(cont.)Trump 'lied strategically'While listening to Trump's phone calls, Schwartz learned that the real estate mogul was simply "playing people.""Lying is second nature to him," Schwartz told the New Yorker. "More than anyone else I have ever met, Trump has the ability to convince himself that whatever he is saying at any given moment is true, or sort of true, or at least ought to be true."According to Schwartz, Trump lied about how much money he spent or earned on his real estate projects."He lied strategically. He had a complete lack of conscience about it," he said.Schwartz called it "truthful hyperbole" in "The Art of the Deal," which he now regrets."I created a character far more winning than Trump actually is," Schwartz said.Scwartz told the New Yorker that if Trump wins the presidency, "the millions of people who voted for him and believe that he represents their interests will learn what anyone who deals closely with him already knows—that he couldn’t care less about them."In response to the New Yorker's interview with Schwartz, Trump denied that Schwartz wrote the majority of the book."He didn’t write the book,” Trump told the New Yorker. “I wrote the book. I wrote the book. It was my book. And it was a No. 1 best-seller, and one of the best-selling business books of all time. Some say it was the best-selling business book ever."Trump also told Schwartz off for talking to the New Yorker."I just want to tell you that I think you’re very disloyal. Without me, you wouldn’t be where you are now," Schwartz says Trump told him. "I had a lot of choice of who to have write the book, and I chose you, and I was very generous with you. I know that you gave a lot of speeches and lectures using ‘The Art of the Deal.’ I could have sued you, but I didn’t."Read the New Yorker's full story on "The Art of the Deal" here. --Talking Points MemoThis is the human wreck the GOP thinks is qualified to be president.
Hmmm, wonder how The Art of the Deal became the biggest selling business book of all time?
Wait a minute, Trump said He didn’t write the book,” Trump told the New Yorker. “I wrote the book. I wrote the book. It was my book. And it was a No. 1 best-seller, and one of the best-selling business books of all time. Some say it was the best-selling business book ever."Then he said ” I had a lot of choice of who to have write the book, and I chose you, and I was very generous with you. I know that you gave a lot of speeches and lectures using ‘The Art of the Deal.’ I could have sued you, but I didn’t."So did Trump write the book? Or did Schwartz write the book? "It’s impossible to keep him focussed on any topic, other than his own self-aggrandizement, for more than a few minutes," Schwartz said. "If he had to be briefed on a crisis in the Situation Room, it’s impossible to imagine him paying attention over a long period of time."I know a lot of highly successful people who can’t stay focused. I don’t know if this is actually a character flaw. I have a tough time staying focused. But I won’t ever be in the situation room, either.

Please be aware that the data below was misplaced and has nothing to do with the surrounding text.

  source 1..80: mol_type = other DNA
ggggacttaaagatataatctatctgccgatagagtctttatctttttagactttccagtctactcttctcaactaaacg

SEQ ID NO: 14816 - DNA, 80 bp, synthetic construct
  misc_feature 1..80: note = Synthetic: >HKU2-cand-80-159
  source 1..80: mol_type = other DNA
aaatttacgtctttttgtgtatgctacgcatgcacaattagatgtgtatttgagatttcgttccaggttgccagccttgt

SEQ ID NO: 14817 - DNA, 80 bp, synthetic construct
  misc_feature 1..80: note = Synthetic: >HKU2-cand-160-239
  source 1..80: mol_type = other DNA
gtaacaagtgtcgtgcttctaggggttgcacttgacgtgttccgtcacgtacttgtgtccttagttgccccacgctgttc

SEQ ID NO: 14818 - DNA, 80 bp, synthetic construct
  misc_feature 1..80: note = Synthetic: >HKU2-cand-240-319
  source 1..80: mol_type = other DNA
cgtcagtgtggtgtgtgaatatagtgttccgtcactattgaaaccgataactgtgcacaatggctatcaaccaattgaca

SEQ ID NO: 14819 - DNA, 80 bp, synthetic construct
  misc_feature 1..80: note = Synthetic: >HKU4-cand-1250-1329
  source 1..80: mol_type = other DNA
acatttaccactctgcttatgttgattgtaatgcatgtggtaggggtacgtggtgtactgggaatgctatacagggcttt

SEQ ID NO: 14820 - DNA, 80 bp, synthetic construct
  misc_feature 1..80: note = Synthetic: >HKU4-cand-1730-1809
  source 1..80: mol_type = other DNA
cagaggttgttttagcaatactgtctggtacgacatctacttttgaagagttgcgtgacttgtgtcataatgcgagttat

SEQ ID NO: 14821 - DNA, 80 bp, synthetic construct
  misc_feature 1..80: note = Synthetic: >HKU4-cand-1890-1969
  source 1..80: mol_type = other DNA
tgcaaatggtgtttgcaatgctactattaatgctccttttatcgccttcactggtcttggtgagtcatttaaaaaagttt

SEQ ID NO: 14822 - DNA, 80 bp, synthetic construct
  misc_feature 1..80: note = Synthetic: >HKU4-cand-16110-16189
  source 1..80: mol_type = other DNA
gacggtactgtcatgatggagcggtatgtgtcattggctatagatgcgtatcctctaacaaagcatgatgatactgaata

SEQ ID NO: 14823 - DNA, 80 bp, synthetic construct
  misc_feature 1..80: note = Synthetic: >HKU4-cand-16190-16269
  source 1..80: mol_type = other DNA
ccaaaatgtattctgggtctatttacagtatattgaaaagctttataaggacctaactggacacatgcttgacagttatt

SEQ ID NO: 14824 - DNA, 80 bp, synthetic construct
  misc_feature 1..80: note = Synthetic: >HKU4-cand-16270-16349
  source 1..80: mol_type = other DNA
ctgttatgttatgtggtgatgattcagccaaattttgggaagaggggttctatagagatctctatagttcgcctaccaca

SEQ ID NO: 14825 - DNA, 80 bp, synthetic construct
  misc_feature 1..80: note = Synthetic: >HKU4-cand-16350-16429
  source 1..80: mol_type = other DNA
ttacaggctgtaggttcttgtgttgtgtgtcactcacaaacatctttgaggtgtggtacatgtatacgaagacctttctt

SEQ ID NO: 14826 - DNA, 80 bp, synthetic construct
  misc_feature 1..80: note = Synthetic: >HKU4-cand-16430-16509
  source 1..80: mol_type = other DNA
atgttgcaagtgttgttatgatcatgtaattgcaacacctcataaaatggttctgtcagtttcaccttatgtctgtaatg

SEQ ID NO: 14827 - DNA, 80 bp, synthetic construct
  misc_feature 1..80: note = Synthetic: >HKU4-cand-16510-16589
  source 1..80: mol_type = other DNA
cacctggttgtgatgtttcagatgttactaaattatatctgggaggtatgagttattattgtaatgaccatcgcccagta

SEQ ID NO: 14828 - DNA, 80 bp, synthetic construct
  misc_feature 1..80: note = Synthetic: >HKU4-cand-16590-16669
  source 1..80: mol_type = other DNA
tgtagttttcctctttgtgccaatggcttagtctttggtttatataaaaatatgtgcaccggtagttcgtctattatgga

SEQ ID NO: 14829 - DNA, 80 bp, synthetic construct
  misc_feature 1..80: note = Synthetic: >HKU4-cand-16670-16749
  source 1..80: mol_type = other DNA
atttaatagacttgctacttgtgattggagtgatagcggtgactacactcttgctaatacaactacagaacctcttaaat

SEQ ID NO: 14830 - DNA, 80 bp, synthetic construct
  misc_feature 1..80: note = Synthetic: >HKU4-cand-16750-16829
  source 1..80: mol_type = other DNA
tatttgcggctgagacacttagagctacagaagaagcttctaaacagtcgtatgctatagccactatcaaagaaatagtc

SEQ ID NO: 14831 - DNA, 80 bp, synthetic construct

Pam: "I know a lot of highly successful people who can’t stay focused."This is true. A lot of very creative people I know are all over the place.However, I would think we'd want a president who could focus on the crisis of the moment, and not go off in seven different directions. Statesmanship and state craft, I think, are very different from creativity in other areas.I have yet to hear Trump give a thoughtful, knowledgeable answer to serious domestic or foreign issues. He just can't do it because he hasn't got the knowledge to do so.There were many other GOP candidates who could answer complex questions and who had the sort of temperament needed in a leader during times of crises. Trump, IMO, appealed to emotion and grievances, and not much else. We've seen where that leads to in other leaders in difficult, dangerous times.
BTW, I give major props to Governor Kaisch for his moral courage. He stuck to his principles.
Oh my!Chaos on Republican convention floor; Colorado, Iowa delegates walk out
Donnie has such class, doesn't he? Can you imagine this sort of Trump Tower Trash in the White House?Donald Trump reportedly had a hard time understanding that Republican officials didn't view a boxing promoter convicted of manslaughter and a woman who accused former President Bill Clinton of sexual assault as suitable speaker choices for the Republican National Convention.A New York Times report published Sunday shed some light on some of Trump's speaker picks that were shot down by Republican officials, as well as the difficulties those officials had getting Trump to understand why those picks would be disastrous.Jeebus. This guy like to think he's "classy," when in fact he's a tawdry bunko artist.
The ONLY people more stupid than Drumpf are those fools who will vote for him. He is the biggest liar, con artist, anti-American waste of flesh I've ever seen so, of course, he's the Republiclown choice. Oi....
Post a Comment